ISHPEMING — The elimination of a blighted building was on the agenda of a special meeting of the Ishpeming City Council Tuesday morning.

The council voted unanimously to allow the Marquette County Land Bank Authority to use blight elimination grant dollars to remove the old steam plant building located on Seventh Street. The Authority already received permission from Bell Forest Products, the building’s owner, but the city was also required to sign off on the plan.

“The Land Bank Authority is actually the recipient of the grant funds, so we’re responsible for deciding which buildings we’re going to spend the money on,” said Anne Giroux, Marquette County Treasurer and head of the Marquette County Land Bank Authority. “In this particular case, the city owns the land, so we need to be able to demonstrate site control to the state – that we have the ability to do the demolition on the site. So we’re asking them for permission to tear the building down on property that they own. We have until the spring to actually do the work, but we have to be able to show them now which buildings we’re doing the work on.”

The steam plant was originally on the Land Bank Authority’s list of properties to demolish, but was removed due to projected costs. It was reconsidered after control of another property on Canda Street which was originally supposed to use the funds fell through.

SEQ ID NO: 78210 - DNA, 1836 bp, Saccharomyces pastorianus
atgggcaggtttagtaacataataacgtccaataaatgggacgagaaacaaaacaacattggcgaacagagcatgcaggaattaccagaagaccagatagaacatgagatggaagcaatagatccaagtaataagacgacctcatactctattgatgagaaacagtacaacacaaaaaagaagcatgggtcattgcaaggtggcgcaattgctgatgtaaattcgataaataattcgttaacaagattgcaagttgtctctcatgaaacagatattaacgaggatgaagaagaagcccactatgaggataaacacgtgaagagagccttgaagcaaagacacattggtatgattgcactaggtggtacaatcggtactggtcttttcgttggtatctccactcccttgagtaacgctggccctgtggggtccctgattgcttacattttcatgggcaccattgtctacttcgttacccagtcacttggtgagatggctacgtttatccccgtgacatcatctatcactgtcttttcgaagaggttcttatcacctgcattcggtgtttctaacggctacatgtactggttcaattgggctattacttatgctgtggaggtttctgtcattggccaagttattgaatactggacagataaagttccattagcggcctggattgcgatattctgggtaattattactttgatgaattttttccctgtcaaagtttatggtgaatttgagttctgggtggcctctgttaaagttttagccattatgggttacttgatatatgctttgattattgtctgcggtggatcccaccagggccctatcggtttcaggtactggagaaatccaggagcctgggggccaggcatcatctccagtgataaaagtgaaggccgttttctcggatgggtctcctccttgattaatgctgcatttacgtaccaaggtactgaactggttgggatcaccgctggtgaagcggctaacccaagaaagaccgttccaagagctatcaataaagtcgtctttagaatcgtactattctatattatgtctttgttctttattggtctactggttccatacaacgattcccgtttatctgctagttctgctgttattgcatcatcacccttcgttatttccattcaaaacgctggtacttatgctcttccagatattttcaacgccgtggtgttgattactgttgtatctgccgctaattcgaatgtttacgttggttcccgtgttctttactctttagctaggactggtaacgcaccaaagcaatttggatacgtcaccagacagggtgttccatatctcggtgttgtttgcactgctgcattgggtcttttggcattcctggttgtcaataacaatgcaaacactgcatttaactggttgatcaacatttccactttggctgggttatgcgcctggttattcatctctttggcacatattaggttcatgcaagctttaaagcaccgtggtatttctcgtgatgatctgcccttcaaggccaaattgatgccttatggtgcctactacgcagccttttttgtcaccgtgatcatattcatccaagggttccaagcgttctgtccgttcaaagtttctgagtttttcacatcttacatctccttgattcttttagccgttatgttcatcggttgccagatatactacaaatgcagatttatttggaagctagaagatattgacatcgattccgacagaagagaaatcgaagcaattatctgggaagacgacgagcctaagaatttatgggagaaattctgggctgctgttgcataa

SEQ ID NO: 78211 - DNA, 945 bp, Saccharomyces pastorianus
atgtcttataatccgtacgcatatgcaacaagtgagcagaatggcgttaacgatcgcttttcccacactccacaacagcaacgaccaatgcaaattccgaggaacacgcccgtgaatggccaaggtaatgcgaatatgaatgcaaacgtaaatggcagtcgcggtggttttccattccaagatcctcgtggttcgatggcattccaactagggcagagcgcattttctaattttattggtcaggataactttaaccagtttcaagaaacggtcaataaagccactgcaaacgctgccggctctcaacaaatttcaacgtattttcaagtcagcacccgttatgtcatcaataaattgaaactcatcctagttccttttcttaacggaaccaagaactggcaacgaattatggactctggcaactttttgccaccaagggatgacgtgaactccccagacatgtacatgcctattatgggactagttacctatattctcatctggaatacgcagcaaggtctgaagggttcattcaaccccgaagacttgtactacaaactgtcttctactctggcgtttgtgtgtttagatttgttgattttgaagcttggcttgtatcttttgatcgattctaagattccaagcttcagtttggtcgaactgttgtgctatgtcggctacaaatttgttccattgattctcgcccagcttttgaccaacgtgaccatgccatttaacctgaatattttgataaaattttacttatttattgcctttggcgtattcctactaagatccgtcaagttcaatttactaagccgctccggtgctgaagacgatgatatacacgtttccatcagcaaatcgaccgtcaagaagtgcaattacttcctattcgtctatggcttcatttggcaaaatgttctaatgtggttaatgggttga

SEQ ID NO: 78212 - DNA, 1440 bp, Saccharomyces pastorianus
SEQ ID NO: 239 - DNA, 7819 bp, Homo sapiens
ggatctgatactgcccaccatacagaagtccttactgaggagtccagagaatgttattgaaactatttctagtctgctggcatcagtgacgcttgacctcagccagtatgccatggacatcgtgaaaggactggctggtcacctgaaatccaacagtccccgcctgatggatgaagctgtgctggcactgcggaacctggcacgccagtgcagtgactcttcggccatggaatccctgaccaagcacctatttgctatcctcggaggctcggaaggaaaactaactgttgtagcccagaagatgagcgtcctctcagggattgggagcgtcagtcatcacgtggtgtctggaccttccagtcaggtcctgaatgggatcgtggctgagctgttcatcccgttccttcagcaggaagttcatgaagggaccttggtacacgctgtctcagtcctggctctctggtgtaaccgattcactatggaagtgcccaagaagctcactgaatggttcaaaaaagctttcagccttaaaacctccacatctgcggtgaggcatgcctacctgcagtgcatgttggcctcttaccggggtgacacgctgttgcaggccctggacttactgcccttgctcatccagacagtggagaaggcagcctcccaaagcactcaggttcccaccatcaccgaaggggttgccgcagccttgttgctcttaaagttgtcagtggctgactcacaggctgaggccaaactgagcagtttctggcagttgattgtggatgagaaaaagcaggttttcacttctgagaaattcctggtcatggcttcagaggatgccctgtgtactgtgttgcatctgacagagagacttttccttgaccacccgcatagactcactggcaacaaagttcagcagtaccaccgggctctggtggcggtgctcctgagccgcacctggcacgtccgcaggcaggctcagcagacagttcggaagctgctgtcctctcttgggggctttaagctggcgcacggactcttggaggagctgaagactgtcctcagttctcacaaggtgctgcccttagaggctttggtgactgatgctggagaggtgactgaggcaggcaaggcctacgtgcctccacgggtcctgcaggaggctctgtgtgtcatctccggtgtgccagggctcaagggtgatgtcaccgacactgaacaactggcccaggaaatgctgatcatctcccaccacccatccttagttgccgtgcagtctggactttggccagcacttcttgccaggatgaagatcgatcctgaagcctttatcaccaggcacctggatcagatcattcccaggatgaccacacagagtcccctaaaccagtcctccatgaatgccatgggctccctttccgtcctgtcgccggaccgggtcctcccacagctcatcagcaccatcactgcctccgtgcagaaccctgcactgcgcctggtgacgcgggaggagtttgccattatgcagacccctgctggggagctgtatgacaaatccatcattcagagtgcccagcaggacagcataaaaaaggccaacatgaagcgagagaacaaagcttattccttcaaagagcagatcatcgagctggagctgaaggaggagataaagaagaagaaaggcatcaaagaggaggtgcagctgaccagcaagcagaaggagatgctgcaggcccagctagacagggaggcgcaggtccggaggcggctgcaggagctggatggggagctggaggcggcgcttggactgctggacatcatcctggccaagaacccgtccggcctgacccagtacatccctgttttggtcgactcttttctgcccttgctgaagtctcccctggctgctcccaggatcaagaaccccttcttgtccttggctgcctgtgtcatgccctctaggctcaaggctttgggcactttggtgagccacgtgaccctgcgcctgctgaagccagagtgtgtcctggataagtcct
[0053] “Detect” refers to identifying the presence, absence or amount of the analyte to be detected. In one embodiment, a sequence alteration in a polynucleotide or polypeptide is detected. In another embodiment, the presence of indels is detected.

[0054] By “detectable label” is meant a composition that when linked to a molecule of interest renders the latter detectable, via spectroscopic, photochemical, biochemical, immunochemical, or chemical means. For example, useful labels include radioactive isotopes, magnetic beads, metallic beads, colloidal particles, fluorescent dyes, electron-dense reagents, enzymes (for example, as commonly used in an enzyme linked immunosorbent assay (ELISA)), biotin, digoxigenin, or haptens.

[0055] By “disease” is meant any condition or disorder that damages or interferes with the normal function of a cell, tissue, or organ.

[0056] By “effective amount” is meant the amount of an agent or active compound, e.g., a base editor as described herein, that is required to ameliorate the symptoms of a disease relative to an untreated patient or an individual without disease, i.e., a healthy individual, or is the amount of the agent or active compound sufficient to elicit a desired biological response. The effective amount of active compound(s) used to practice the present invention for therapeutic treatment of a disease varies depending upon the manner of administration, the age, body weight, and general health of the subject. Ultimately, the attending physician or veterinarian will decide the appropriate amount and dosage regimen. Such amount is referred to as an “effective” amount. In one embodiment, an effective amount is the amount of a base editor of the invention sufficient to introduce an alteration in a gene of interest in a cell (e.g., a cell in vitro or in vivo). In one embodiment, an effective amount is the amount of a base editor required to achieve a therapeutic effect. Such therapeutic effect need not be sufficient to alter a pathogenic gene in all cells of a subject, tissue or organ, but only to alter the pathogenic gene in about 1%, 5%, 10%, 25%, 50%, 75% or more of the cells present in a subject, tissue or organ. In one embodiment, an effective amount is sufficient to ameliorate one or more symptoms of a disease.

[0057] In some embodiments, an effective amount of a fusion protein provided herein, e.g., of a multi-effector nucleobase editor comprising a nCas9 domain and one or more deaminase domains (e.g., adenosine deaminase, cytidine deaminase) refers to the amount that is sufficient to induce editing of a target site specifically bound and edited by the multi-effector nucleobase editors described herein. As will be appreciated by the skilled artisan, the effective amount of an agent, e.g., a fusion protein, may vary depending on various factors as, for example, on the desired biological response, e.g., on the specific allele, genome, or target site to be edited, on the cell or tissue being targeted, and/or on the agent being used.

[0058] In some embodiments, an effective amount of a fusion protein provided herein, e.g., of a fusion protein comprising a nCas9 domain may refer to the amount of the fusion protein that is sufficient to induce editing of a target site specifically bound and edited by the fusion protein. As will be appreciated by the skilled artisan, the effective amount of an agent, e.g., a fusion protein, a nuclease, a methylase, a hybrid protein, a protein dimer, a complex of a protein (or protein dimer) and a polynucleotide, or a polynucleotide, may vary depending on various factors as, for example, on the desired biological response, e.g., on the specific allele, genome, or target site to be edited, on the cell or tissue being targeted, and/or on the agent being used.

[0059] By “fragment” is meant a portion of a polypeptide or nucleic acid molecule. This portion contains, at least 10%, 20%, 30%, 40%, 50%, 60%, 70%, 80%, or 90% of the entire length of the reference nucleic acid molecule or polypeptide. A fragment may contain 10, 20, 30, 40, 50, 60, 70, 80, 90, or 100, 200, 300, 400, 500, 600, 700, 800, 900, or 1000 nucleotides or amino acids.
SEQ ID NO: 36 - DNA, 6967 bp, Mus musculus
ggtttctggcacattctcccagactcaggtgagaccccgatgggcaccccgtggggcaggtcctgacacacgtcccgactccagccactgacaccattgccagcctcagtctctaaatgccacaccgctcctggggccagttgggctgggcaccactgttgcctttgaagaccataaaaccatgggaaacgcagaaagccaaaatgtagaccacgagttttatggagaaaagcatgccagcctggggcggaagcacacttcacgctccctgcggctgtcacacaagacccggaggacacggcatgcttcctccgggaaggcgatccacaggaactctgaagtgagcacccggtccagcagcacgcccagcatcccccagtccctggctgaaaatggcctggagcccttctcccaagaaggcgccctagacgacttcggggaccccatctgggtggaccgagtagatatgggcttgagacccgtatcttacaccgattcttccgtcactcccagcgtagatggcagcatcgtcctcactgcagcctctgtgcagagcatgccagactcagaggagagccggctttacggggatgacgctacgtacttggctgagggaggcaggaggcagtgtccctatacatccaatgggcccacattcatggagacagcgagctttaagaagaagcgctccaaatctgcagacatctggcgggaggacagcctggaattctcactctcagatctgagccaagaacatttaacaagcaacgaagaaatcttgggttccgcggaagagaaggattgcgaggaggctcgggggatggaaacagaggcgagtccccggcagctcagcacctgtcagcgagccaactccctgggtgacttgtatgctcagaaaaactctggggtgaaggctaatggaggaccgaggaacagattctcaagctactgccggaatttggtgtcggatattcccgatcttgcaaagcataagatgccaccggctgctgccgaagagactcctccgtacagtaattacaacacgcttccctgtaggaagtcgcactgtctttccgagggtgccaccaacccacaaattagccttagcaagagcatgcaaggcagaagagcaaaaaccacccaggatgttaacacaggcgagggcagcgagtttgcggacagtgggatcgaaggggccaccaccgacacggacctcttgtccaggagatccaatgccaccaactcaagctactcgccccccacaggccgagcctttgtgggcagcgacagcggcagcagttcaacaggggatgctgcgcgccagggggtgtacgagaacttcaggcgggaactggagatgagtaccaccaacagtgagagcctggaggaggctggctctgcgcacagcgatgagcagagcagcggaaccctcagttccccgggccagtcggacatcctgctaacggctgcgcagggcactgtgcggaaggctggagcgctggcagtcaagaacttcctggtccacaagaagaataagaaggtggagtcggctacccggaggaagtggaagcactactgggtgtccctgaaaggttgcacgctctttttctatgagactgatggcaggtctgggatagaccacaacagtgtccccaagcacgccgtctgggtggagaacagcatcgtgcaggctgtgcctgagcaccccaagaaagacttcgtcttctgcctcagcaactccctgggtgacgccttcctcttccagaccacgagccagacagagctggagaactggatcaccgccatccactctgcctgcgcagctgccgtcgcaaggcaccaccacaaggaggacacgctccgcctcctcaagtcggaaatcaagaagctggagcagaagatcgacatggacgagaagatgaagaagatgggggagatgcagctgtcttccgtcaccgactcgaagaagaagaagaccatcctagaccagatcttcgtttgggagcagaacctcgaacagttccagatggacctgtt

The cost to demolish the plant is expected to be more than the $70,000 in available grant money, although Giroux said that Bell Forest Products has indicated that they would cover a reasonable cost overage. Giroux will proceed by looking for bids to demolish the site.

The council also voted to approve the 2016 budget at the meeting. The budget includes funds that will be used to complete work related to the upcoming roundabout projects.

“With the approval of the budget today, I can say with a great deal of certainty that these things are going to happen, and it’s going to benefit the city tremendously in my opinion,” said City Manager Mark Slown.

Additionally, the city unanimously decided to become one of the Michigan Economic Development Corporation’s Redevelopment Ready Communities.